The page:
Before the ESL Legendary Series S2 Finals earlier this month, most fans had never heard of Christopher “PHONETAP” Huynh. But after a gruelling two days of competition at the tournament, one of the biggest of the year so far, Huynh was sitting opposite one of the most recognizable faces in Hearthstone: Tempo Storm founder Andrey “Reynad” Yanyuk.
After overcoming a strong group and some of the top up-and-coming players in the game, Huynh has just one win a away from the championship.
Every other match that weekend had gone to a fifth game. Huynh’s mech shaman deck is an aggressive deck that can be unstoppable if it hits curve well but it also proved unreliable, threatening to lose him several matches throughout the weekend. In this match however, the Shaman won the first game. Everything starts to go Huynh’s way.
In one weekend Huynh has gone from an underground player fighting for recognition to a potential world championship contender, winning one of the biggest tournaments in North America.
“There are some days it still hasn’t sunk. It’s a little unreal.” Huynh said.
Hearthstone is still a young esport. That means that stories like Huynh’s are still very common. Jon “Orange” Westberg was a complete unknown six months ago. Now he’s one of just two players to win multiple Hearthstone majors and is signed to Jason “Amaz” Chan’s Archon team. Magic: the Gathering player Stanislav Cifka secured victory at DreamHack Bucharest, transferring his experience in the classic card game to high level Hearthstone.
Just 19, Huynh is finishing his freshman year studying psychology at St John’s College in his hometown: New York City. A longtime gamer, he also has a competitive background in traditional sports.
“I started playing tennis around 10 years old,” he said. “I usually competed in statewide tournaments in New York City. I always tried hard to become the best player I could.”
But Huynh ultimately got “burned out” from tennis. Not long after, he discovered Hearthstone, and soon quickly ascended to the legend ranks. His competitive nature kicked in as soon as he saw the legend ranking numbers, and he soon pushed himself to get to the top.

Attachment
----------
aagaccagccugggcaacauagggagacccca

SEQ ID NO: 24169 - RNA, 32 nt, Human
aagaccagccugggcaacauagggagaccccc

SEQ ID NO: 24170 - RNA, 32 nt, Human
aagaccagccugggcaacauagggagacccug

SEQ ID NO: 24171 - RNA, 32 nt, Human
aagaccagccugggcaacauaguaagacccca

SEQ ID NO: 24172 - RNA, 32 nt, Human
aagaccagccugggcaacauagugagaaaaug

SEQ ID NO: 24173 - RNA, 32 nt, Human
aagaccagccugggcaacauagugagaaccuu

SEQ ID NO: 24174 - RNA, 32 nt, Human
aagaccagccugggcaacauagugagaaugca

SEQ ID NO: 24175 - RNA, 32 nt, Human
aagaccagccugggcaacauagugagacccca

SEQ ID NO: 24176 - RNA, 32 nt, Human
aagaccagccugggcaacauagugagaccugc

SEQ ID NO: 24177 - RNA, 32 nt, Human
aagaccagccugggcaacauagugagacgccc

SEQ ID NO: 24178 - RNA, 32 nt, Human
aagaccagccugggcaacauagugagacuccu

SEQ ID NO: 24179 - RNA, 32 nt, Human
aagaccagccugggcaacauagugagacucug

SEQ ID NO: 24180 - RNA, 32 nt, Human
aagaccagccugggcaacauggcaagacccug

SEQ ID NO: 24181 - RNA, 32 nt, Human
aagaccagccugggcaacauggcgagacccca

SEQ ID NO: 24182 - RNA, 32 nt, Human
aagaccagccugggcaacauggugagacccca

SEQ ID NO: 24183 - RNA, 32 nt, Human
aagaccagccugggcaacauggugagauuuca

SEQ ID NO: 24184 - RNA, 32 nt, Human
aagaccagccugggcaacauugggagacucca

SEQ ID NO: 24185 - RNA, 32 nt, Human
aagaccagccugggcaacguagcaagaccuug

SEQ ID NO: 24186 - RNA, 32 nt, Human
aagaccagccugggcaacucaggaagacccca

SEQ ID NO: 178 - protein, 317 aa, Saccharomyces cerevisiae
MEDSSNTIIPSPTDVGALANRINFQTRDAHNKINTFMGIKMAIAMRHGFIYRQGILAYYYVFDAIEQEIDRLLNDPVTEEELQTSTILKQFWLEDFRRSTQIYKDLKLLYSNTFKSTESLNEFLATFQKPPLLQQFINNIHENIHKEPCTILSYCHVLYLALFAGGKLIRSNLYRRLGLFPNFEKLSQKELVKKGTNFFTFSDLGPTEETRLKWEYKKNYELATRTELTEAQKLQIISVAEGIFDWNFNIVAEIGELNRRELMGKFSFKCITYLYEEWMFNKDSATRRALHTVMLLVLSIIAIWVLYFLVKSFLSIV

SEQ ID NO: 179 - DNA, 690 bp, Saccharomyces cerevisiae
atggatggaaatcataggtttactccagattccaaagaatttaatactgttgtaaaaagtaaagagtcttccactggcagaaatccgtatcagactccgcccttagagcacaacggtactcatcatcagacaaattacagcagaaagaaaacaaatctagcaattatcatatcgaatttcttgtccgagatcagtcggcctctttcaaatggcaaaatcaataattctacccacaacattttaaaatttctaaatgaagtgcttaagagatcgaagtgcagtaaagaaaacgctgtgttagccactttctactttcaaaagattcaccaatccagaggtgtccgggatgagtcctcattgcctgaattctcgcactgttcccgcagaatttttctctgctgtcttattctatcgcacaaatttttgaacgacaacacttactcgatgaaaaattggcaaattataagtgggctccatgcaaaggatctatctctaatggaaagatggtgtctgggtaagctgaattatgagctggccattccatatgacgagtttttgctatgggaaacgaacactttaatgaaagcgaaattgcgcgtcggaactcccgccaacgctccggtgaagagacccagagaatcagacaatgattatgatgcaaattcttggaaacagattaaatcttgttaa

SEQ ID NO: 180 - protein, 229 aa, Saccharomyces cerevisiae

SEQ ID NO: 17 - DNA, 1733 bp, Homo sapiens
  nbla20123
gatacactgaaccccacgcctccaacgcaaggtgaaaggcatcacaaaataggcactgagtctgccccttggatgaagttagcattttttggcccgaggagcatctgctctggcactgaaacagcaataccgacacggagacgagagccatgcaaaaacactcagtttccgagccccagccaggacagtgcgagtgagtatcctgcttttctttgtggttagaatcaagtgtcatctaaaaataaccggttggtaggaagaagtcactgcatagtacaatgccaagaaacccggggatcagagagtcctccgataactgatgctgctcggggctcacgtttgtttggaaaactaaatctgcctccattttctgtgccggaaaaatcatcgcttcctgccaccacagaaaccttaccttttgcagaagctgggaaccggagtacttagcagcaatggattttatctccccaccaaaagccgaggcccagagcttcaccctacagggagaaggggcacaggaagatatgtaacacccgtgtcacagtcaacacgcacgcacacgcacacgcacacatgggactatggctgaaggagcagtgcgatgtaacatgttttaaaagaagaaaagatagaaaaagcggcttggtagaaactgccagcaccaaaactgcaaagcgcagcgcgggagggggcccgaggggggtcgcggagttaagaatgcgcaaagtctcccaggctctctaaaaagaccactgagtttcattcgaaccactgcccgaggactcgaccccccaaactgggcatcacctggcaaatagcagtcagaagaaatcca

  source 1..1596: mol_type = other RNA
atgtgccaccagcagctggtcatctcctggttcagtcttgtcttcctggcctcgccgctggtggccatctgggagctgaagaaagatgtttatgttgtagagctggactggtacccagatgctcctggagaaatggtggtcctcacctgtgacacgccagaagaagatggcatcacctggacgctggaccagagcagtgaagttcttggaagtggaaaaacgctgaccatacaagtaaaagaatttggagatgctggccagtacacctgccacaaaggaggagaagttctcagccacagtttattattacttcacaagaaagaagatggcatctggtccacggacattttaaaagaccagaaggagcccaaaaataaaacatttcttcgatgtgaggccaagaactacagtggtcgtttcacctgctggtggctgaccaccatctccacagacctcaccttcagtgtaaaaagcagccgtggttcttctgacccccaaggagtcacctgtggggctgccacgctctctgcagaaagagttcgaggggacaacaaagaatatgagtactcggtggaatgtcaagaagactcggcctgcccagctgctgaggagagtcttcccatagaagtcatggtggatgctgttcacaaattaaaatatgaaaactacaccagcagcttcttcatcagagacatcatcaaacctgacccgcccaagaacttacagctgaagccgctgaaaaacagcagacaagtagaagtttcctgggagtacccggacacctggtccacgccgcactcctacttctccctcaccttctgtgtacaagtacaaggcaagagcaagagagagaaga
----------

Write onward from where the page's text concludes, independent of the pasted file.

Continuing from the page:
From learning about the 2014 Hearthstone World Championships, Huynh discovered a whole new world in the Hearthstone tournament scene that ignited his hunger for competition. Huynh says he has “always enjoyed putting myself into high pressure situations, I feel like it brings out the best in me.”
Just before the ESL finals, Huynh took another step in competitive Hearthstone—he joined a team, Hearthlytics. The team prides itself on living up to its name: The organization takes a highly analytical approach to the game, and boasts a number of successful veterans like Justin “JAB” Black and Muzahidul “Muzzy” I.
“They offered me access to JAB and Muzzy,” Huynh said. “They’ve been really useful. It gave me access to more players to practice with and talk strategy with, and to scout the other players and predict the tournament meta.”
The team’s analytical focus suits Huynh’s personality, he said. He obsesses over losses and analyzes mistakes in great detail. His team also push him to succeed, with his teammates also pushing to qualify for the Hearthstone World Championships.
Thanks to his victory last weekend, Huynh already has 100 Hearthstone World Championship points under his belt, Huynh now stands a very good chance of making it to the qualification stage. He’s sitting in fourth place in the North American region, and sees no need to beat around the bush—he has his sights firmly set on winning that title.
“I need to be more motivated to maintain my spot in the World Championship standings.” Huynh says. “I need to improve as a player and get more results, but right now, becoming world champion is my goal.
“Right now I wouldn’t consider myself a favorite, but I’ve got three months to train and improve. If the cards are aligned, maybe I can do it.”
Image via ESLHearthstone/Twitter